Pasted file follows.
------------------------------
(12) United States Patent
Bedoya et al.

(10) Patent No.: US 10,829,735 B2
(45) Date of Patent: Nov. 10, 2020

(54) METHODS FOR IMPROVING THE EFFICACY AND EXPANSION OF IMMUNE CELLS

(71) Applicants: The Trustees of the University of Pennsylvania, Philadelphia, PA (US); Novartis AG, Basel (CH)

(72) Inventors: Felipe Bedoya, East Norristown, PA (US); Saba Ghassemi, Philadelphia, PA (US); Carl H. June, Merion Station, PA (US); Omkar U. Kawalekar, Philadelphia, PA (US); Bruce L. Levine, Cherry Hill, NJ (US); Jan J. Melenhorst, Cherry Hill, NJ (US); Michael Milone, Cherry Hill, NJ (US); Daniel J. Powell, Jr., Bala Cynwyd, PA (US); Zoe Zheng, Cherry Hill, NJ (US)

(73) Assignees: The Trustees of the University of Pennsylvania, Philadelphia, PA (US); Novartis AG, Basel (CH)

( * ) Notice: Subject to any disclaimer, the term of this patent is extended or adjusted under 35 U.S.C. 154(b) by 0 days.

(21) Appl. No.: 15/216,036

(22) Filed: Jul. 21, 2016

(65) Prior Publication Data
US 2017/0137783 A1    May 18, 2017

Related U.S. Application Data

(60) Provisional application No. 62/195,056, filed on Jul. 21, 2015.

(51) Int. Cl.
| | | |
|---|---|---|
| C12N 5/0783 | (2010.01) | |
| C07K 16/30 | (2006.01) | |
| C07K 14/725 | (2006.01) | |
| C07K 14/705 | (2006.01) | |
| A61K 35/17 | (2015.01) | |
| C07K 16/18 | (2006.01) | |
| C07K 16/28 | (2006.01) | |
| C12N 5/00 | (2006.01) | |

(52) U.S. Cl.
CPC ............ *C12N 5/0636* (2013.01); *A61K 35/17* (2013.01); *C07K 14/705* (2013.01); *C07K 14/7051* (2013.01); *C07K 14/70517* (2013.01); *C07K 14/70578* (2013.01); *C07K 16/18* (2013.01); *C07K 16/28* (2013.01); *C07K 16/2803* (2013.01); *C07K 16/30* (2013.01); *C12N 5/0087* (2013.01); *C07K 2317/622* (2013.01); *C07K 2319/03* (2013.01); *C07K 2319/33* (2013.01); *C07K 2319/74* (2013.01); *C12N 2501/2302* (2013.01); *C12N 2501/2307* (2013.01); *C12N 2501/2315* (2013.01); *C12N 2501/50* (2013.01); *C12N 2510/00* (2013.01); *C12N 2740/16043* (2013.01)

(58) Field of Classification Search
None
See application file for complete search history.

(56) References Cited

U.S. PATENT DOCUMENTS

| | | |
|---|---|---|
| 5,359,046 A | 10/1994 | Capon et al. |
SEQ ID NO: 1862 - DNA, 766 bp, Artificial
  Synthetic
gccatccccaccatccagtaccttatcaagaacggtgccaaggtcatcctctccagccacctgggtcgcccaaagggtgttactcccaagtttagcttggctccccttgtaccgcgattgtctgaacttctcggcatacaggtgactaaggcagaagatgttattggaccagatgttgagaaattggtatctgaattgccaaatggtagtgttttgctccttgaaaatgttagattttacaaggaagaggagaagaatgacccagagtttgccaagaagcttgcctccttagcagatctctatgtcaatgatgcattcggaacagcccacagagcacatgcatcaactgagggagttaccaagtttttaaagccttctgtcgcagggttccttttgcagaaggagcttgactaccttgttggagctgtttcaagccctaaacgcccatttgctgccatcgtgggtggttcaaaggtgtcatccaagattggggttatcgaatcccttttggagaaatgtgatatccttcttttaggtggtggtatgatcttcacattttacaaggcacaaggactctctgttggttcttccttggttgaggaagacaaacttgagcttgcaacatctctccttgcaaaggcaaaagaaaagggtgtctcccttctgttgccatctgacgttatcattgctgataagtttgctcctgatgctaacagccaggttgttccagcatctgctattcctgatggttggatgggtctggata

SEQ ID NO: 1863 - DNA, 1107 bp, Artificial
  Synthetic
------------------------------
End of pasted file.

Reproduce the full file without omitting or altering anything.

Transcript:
(12) United States Patent
Bedoya et al.

(10) Patent No.: US 10,829,735 B2
(45) Date of Patent: Nov. 10, 2020

(54) METHODS FOR IMPROVING THE EFFICACY AND EXPANSION OF IMMUNE CELLS

(71) Applicants: The Trustees of the University of Pennsylvania, Philadelphia, PA (US); Novartis AG, Basel (CH)

(72) Inventors: Felipe Bedoya, East Norristown, PA (US); Saba Ghassemi, Philadelphia, PA (US); Carl H. June, Merion Station, PA (US); Omkar U. Kawalekar, Philadelphia, PA (US); Bruce L. Levine, Cherry Hill, NJ (US); Jan J. Melenhorst, Cherry Hill, NJ (US); Michael Milone, Cherry Hill, NJ (US); Daniel J. Powell, Jr., Bala Cynwyd, PA (US); Zoe Zheng, Cherry Hill, NJ (US)

(73) Assignees: The Trustees of the University of Pennsylvania, Philadelphia, PA (US); Novartis AG, Basel (CH)

( * ) Notice: Subject to any disclaimer, the term of this patent is extended or adjusted under 35 U.S.C. 154(b) by 0 days.

(21) Appl. No.: 15/216,036

(22) Filed: Jul. 21, 2016

(65) Prior Publication Data
US 2017/0137783 A1    May 18, 2017

Related U.S. Application Data

(60) Provisional application No. 62/195,056, filed on Jul. 21, 2015.

(51) Int. Cl.
| | | |
|---|---|---|
| C12N 5/0783 | (2010.01) | |
| C07K 16/30 | (2006.01) | |
| C07K 14/725 | (2006.01) | |
| C07K 14/705 | (2006.01) | |
| A61K 35/17 | (2015.01) | |
| C07K 16/18 | (2006.01) | |
| C07K 16/28 | (2006.01) | |
| C12N 5/00 | (2006.01) | |

(52) U.S. Cl.
CPC ............ *C12N 5/0636* (2013.01); *A61K 35/17* (2013.01); *C07K 14/705* (2013.01); *C07K 14/7051* (2013.01); *C07K 14/70517* (2013.01); *C07K 14/70578* (2013.01); *C07K 16/18* (2013.01); *C07K 16/28* (2013.01); *C07K 16/2803* (2013.01); *C07K 16/30* (2013.01); *C12N 5/0087* (2013.01); *C07K 2317/622* (2013.01); *C07K 2319/03* (2013.01); *C07K 2319/33* (2013.01); *C07K 2319/74* (2013.01); *C12N 2501/2302* (2013.01); *C12N 2501/2307* (2013.01); *C12N 2501/2315* (2013.01); *C12N 2501/50* (2013.01); *C12N 2510/00* (2013.01); *C12N 2740/16043* (2013.01)

(58) Field of Classification Search
None
See application file for complete search history.

(56) References Cited

U.S. PATENT DOCUMENTS

| | | |
|---|---|---|
| 5,359,046 A | 10/1994 | Capon et al. |
SEQ ID NO: 1862 - DNA, 766 bp, Artificial
  Synthetic
gccatccccaccatccagtaccttatcaagaacggtgccaaggtcatcctctccagccacctgggtcgcccaaagggtgttactcccaagtttagcttggctccccttgtaccgcgattgtctgaacttctcggcatacaggtgactaaggcagaagatgttattggaccagatgttgagaaattggtatctgaattgccaaatggtagtgttttgctccttgaaaatgttagattttacaaggaagaggagaagaatgacccagagtttgccaagaagcttgcctccttagcagatctctatgtcaatgatgcattcggaacagcccacagagcacatgcatcaactgagggagttaccaagtttttaaagccttctgtcgcagggttccttttgcagaaggagcttgactaccttgttggagctgtttcaagccctaaacgcccatttgctgccatcgtgggtggttcaaaggtgtcatccaagattggggttatcgaatcccttttggagaaatgtgatatccttcttttaggtggtggtatgatcttcacattttacaaggcacaaggactctctgttggttcttccttggttgaggaagacaaacttgagcttgcaacatctctccttgcaaaggcaaaagaaaagggtgtctcccttctgttgccatctgacgttatcattgctgataagtttgctcctgatgctaacagccaggttgttccagcatctgctattcctgatggttggatgggtctggata

SEQ ID NO: 1863 - DNA, 1107 bp, Artificial
  Synthetic